All five of the FX models share quick, barking responses followed by tight bursts of sizzle. Even with the Cymbolt nuts very loose, they are still quite contained. If your preference is for generous, buzzing stackers with a loose hi-hat–style sustain, you likely won’t find that here. What you will find is five instruments that sound a whole lot like the squashed, hyper-compressed hi-hat and snare samples common in much of today’s digitally produced music. In the bell-to-bell configuration, they produce mostly similar sounds that offer plenty of cutting sharpness and some trashy body.
That said, the 8″ and 12″ models strayed from the pack a bit. The 8″ stack has a much, much tighter spread than its bigger siblings, offering a pleasingly dry response that could probably be substituted for a handclap sample in live settings. On the other hand, the 12″ unit proved to be the slushiest of the bunch, which I think has to do with a very short, flat flange around the steel cymbal’s edge. The 14″ stack also has short flange on the steel cymbal, but it looks shorter and seems to affect response a bit less.
With the stacks flipped and in the hi-hat-style setup, all five models have a good bit more to say. They speak with a stronger presence of tinging, high-end frequencies and less trashy spread. Here, the adjustable nut can open up some additional sloshiness in the response, but even so, these are still very controlled pairs that settle quickly.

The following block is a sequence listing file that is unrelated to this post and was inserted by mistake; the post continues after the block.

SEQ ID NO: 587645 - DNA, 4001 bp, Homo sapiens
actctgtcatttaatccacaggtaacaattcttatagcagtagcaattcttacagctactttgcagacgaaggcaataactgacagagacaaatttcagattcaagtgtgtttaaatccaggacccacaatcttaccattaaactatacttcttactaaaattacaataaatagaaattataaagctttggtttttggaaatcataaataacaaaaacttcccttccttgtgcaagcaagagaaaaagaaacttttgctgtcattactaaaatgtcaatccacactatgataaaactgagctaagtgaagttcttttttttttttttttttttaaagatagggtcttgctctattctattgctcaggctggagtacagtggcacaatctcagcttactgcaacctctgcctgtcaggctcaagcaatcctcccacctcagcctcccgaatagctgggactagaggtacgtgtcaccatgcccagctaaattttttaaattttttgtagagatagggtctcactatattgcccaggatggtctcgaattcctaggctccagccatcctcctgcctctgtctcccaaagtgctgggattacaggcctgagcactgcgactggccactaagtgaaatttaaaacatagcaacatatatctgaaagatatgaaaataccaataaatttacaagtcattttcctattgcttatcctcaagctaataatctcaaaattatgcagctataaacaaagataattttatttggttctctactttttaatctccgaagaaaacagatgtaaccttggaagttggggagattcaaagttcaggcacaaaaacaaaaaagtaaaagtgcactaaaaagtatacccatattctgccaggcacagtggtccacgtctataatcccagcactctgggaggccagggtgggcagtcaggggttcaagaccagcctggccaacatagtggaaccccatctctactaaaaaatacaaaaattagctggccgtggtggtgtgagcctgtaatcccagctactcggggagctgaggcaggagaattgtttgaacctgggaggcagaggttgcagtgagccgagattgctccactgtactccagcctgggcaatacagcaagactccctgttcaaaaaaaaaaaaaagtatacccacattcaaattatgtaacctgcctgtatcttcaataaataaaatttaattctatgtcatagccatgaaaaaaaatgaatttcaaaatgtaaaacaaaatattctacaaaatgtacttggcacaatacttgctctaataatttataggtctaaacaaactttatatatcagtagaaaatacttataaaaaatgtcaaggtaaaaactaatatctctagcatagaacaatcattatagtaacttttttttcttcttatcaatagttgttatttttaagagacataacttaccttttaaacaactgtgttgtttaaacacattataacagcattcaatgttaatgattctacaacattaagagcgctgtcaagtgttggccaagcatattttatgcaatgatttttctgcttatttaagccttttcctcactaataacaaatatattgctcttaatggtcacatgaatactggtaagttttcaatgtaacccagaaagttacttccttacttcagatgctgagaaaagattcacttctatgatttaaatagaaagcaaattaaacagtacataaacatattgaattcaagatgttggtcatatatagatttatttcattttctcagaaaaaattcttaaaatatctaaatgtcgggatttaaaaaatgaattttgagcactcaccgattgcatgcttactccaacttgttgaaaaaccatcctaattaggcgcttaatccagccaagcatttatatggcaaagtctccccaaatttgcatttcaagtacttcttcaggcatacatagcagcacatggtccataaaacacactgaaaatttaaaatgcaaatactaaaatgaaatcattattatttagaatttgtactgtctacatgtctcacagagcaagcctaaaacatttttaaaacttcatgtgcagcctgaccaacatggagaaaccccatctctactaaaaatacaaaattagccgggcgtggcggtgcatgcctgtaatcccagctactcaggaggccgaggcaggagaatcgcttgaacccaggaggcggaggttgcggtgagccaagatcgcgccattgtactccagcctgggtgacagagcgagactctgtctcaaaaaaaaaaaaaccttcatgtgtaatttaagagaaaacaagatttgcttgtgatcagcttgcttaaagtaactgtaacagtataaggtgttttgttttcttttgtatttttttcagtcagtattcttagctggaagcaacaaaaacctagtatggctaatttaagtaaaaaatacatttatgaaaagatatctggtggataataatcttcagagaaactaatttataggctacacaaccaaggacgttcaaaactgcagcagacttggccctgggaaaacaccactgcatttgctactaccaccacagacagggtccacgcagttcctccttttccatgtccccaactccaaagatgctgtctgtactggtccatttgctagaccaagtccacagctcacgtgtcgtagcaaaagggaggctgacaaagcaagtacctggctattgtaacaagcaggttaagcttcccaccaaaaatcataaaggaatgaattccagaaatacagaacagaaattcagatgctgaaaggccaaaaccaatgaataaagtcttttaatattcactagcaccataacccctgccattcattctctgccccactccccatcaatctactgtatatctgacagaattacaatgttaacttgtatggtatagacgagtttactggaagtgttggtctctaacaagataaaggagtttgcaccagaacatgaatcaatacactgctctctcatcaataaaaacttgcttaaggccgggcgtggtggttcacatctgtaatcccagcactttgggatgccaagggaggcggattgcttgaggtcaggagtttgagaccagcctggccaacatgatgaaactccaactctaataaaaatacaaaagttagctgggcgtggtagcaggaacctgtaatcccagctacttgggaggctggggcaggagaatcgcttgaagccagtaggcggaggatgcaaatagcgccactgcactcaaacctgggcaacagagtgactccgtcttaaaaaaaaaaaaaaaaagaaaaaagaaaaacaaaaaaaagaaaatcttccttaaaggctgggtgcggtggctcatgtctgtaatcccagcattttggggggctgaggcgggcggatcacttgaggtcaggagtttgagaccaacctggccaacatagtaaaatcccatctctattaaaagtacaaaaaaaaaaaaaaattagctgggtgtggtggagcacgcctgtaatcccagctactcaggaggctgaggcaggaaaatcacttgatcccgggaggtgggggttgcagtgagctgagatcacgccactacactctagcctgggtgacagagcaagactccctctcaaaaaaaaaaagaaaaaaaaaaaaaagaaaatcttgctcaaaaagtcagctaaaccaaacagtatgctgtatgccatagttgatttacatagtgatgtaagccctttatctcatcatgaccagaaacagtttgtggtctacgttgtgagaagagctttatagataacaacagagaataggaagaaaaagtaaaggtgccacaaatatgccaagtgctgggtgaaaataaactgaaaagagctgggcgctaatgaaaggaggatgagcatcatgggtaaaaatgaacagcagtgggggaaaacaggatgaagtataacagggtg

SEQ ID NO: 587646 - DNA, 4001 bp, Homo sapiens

The 14″ and 16″ models were the biggest outliers in this configuration. The 14″ set was significantly slushier than the others (again, I think owing to that little flange), while the 16″ pair has a surprisingly strong low-end presence that seemed to come out of nowhere. That extra beefiness in the 16s is really satisfying, and seems outsized in relation to the other sets.
Finally, throughout this section, I’ve been assessing the sound of each model with the bronze piece on top, but there’s no reason the FX Stacks can’t be used with the steel cymbal in the prime position. I experimented with each set configured steel-up and found a really interesting mix of table-top tick and clanging punch. These sounds are a little less orthodox than what I hear in the bronze-up sets, but I think they’d be useful in improvised or industrial settings.
The folks at Zildjian, smartly recognizing the growing popularity of cymbal stacks among drummers throughout the musical spectrum, have created a series of preconfigured stacks that are effectively paired, and affordable too. Although they might have the look and price tag of budget-friendly instruments, I found them to be extremely playable, and sonically, they lacked nothing. I wish the Cymbolt unit came with a quick-release nut to speed up some of those changes, but otherwise, this is a fun, expressive, and satisfying set of cymbal stacks. They offer a whole lot of different sounds, and with the most expensive model coming in at only $170, they offer a lot of bang for the buck.
8″ FX Stack $99.95
10″ FX Stack $119.95
12″ FX Stack $129.95
14″ FX Stack $149.95
16″ FX Stack $169.95